August 4, 2016
Today, the Federal Communications Commission (FCC) passed a proposal that will raise rate caps for all calls from prisons, jails, and detention facilities. This proposal comes less than a year after the FCC adopted comprehensive reforms of fees and rates in October 2015, which were partially stayed by a federal court earlier this year.
Families of the incarcerated and advocates with the Campaign for Prison Phone Justice are disappointed to see higher local rate caps, but are hopeful that these caps will not be stayed by the courts, setting the stage for full affirmation of the FCC’s actions to end predatory prison phone rates. The Campaign for Prison Phone Justice, a national coalition of more than 55 organizations, has been advocating for reforms for more than a decade.
“With this order, I hope we will finally see relief for families with an incarcerated loved one,” said 20-year-old Wandjell Harvey-Robinson, of Champaign, Ill., who was in the third grade when both her parents were incarcerated. “No one should be told their love is too expensive.”
According to the report Who Pays? The True Cost of Incarceration On Families, one-third of families of the incarcerated go into debt to pay for phone calls and visits alone – and nearly half of all families struggle to pay for food or housing because of incarceration costs. An estimated 2.7 million children have an incarcerated parent.
The FCC’s October 2015 reforms capped rates at a maximum of 11 cents a minute for all state and federal facilities, and between 14 and 22 cents for local jails depending on the size.
The FCC’s proposal would modify rates, to be phased in over two years, as follows:
13 cents/minute for debit/prepaid calls, in state or federal prisons.
19 cents/minute for debit/prepaid calls in jails with 1,000 or more prisoners.
21 cents/minute for debit/prepaid calls in jails with 350-999 prisoners.
31 cents/minute for debit/prepaid calls in jails of up to 349 prisoners.
The new prison rates are scheduled to go into effect 90 days from when it is published in the Federal Register and the new jail rates will go into effect 180 days from publication.
“For the past 30 years, prison telecom companies have collaborated with prison and jail officials to ruthlessly gouge the families of prisoners by providing low quality services at exorbitant rates,” said Paul Wright, Director of the Human Rights Defense Center. “Rather than accept modest FCC regulation of their obscene profits, prison telecom companies have stopped at nothing to exploit some of the poorest and most vulnerable people in America through court challenges and adding new fees on top of old fees.”
“With this recent concession, the phone providers and correctional agencies who have fought this reform no longer have reason to block progress,” said Steven Renderos, Organizing Director with the Center for Media Justice. “Although these rates are far above market price, we are hopeful this ruling will expedite the implementation of rate caps on prison phone calls we have fought for more than a decade to win.”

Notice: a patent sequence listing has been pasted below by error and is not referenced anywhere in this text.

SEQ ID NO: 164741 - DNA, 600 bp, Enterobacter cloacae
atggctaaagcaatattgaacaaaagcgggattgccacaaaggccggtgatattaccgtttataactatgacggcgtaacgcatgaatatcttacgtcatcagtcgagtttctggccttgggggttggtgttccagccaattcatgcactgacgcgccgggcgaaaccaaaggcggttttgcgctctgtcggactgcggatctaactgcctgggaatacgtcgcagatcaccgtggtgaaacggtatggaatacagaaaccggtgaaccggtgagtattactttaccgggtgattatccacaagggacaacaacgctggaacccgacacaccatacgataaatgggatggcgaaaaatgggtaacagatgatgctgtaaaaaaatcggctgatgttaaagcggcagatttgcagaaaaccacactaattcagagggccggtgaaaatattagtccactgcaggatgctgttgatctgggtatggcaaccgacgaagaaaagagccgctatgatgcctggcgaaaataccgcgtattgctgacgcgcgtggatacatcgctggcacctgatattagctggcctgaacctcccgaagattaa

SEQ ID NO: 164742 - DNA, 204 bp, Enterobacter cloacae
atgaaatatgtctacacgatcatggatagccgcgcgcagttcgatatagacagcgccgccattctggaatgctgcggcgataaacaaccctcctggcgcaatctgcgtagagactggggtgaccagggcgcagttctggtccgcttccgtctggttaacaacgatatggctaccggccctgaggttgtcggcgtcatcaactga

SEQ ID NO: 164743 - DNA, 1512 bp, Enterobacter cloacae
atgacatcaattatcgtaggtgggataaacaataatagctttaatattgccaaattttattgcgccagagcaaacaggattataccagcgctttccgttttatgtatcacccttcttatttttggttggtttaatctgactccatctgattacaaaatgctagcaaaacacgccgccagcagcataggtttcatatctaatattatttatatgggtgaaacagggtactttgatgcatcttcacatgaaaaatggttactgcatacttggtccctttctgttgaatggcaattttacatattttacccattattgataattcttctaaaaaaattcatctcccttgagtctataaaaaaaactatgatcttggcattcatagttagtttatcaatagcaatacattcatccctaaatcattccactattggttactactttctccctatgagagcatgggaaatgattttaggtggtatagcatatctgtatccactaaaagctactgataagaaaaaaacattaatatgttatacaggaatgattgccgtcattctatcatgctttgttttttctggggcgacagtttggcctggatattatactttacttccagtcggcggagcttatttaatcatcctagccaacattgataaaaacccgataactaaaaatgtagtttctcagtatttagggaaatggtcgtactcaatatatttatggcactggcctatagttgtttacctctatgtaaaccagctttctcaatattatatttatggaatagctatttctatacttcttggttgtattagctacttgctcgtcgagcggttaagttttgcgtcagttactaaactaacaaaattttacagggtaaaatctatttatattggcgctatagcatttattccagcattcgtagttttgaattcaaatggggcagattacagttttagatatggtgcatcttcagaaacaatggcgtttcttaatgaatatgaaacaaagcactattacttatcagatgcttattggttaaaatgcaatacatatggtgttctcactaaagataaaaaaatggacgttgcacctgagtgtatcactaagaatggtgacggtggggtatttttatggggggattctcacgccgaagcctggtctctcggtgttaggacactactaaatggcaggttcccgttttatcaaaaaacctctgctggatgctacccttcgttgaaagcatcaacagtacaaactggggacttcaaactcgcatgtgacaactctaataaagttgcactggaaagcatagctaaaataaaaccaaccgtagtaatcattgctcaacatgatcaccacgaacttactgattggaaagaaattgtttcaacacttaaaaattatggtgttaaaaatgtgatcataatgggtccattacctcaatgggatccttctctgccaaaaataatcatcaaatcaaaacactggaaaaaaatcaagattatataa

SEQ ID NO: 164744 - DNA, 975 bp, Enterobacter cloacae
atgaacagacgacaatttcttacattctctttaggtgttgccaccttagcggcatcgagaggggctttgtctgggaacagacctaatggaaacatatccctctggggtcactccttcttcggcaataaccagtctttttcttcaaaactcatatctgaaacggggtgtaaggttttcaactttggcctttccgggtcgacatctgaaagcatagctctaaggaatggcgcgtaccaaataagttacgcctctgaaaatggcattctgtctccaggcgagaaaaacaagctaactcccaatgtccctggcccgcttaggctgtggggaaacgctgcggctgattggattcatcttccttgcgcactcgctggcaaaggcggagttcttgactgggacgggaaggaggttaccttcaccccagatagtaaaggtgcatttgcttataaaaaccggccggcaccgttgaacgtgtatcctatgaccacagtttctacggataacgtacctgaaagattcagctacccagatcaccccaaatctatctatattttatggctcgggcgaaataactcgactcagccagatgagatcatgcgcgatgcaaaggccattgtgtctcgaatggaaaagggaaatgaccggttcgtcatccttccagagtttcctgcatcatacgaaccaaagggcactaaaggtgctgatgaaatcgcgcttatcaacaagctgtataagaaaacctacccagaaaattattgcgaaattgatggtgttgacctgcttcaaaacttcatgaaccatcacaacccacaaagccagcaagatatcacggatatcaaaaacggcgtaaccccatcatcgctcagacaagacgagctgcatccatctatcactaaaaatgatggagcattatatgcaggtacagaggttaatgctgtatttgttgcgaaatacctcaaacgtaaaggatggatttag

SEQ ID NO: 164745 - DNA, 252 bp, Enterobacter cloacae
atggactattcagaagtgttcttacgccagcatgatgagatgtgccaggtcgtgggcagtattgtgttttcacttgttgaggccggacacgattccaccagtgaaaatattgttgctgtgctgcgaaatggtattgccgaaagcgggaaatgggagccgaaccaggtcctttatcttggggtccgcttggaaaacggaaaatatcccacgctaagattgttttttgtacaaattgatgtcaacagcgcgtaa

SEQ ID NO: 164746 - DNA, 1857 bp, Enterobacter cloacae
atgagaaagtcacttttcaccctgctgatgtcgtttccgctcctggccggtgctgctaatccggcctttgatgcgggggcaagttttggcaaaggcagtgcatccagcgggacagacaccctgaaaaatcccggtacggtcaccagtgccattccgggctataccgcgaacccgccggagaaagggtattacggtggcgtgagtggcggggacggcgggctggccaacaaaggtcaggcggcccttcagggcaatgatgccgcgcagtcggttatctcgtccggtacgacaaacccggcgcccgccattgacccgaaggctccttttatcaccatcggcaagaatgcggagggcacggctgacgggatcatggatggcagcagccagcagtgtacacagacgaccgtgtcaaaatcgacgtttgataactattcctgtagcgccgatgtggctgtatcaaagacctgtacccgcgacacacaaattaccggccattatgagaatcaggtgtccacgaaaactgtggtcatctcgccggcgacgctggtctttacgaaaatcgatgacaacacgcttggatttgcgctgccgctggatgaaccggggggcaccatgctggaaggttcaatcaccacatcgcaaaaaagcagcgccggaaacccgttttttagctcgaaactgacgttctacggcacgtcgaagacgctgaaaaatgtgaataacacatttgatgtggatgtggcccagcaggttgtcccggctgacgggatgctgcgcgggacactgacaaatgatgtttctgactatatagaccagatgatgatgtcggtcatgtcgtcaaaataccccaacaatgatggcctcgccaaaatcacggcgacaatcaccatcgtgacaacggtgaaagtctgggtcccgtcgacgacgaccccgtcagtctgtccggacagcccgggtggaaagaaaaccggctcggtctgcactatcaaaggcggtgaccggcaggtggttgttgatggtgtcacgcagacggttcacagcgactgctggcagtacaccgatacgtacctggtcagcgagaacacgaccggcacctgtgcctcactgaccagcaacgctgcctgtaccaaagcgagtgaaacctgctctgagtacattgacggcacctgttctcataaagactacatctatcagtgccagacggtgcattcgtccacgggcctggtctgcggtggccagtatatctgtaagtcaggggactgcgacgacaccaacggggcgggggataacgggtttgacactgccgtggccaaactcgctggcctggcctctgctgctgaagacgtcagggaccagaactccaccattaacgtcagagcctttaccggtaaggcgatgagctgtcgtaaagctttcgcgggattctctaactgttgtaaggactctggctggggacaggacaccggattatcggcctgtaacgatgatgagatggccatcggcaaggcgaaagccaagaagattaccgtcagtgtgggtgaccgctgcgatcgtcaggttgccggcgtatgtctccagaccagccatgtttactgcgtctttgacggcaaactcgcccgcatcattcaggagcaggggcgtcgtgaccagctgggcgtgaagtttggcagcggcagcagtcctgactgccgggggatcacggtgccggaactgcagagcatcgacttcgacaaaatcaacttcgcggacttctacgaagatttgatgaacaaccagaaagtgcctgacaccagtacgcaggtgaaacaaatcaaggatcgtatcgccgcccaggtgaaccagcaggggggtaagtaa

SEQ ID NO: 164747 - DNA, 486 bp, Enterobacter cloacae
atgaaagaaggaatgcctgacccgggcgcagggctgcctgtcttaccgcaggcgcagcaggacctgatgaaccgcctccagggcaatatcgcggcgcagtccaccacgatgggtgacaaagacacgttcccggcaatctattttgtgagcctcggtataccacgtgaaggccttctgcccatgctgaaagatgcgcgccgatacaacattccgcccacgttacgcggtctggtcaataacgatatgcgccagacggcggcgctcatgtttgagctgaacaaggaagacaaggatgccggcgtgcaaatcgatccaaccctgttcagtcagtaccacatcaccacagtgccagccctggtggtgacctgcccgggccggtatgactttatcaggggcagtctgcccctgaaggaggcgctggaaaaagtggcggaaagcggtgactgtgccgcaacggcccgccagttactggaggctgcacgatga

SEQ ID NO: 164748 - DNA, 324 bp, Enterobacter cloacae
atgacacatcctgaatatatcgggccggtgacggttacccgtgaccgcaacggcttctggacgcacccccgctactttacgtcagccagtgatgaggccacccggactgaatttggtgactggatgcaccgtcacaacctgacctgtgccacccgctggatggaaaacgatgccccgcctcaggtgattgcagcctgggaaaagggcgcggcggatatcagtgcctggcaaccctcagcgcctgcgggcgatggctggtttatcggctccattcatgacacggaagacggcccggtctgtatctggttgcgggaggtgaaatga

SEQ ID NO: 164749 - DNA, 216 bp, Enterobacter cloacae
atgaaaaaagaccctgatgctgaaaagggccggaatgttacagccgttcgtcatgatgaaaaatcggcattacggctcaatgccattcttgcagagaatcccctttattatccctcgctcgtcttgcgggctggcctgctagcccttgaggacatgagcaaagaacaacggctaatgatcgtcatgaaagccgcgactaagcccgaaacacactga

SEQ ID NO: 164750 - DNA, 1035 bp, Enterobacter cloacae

These rates will offer relief to families who are facing new efforts by prison phone companies to circumvent the impact of the FCC’s rules. Currently, because of the court stay, local rates face no federal limits. Evidence filed at the FCC indicates prison phone companies have been increasing local rates in seven states by up to 50 percent to make up for lost revenue due to the FCC’s 2015 ban on fees.
As federal caps on local phone rates are going up, state and local legislation has become the best hope for full reform. Nine states have effective rates less than 5 cents a minute. Prison phone justice bills were recently passed by legislatures in Illinois and New Jersey. Both bills are lower than the FCC’s modified rates, with 7 cent rate caps in Illinois, and 11 cent caps in New Jersey. In Nashville, the county sheriff lowered the rates in his jail to 5 cents a minute. These lower rates prove that phone services can be provided more affordably than the FCC’s proposed caps.
“We’ve come a long way to curb the worst abuses. We are grateful to the FCC for stepping in to protect consumers and provide transparency in an industry that for too long has profited from incarcerated people and their families. We remain optimistic that the new set of conservative rate caps will take effect without delay, bringing relief to families while we await the outcome of the phone company lawsuit,” said Cheryl Leanza of the United Church of Christ Office of Communication, Inc. “The FCC’s rules require prison phone companies to submit rate data every two years, ensuring that the FCC can continue to closely monitor and adjust rate caps in the future.”
The individuals quoted above may be reached directly at:
Cheryl Leanza, United Church of Christ, OC Inc., email@example.com, (202) 904-2168
Paul Wright, Human Rights Defense Center, firstname.lastname@example.org, (802) 257-1342
Steven Renderos, Center for Media Justice, email@example.com, (646) 276-7544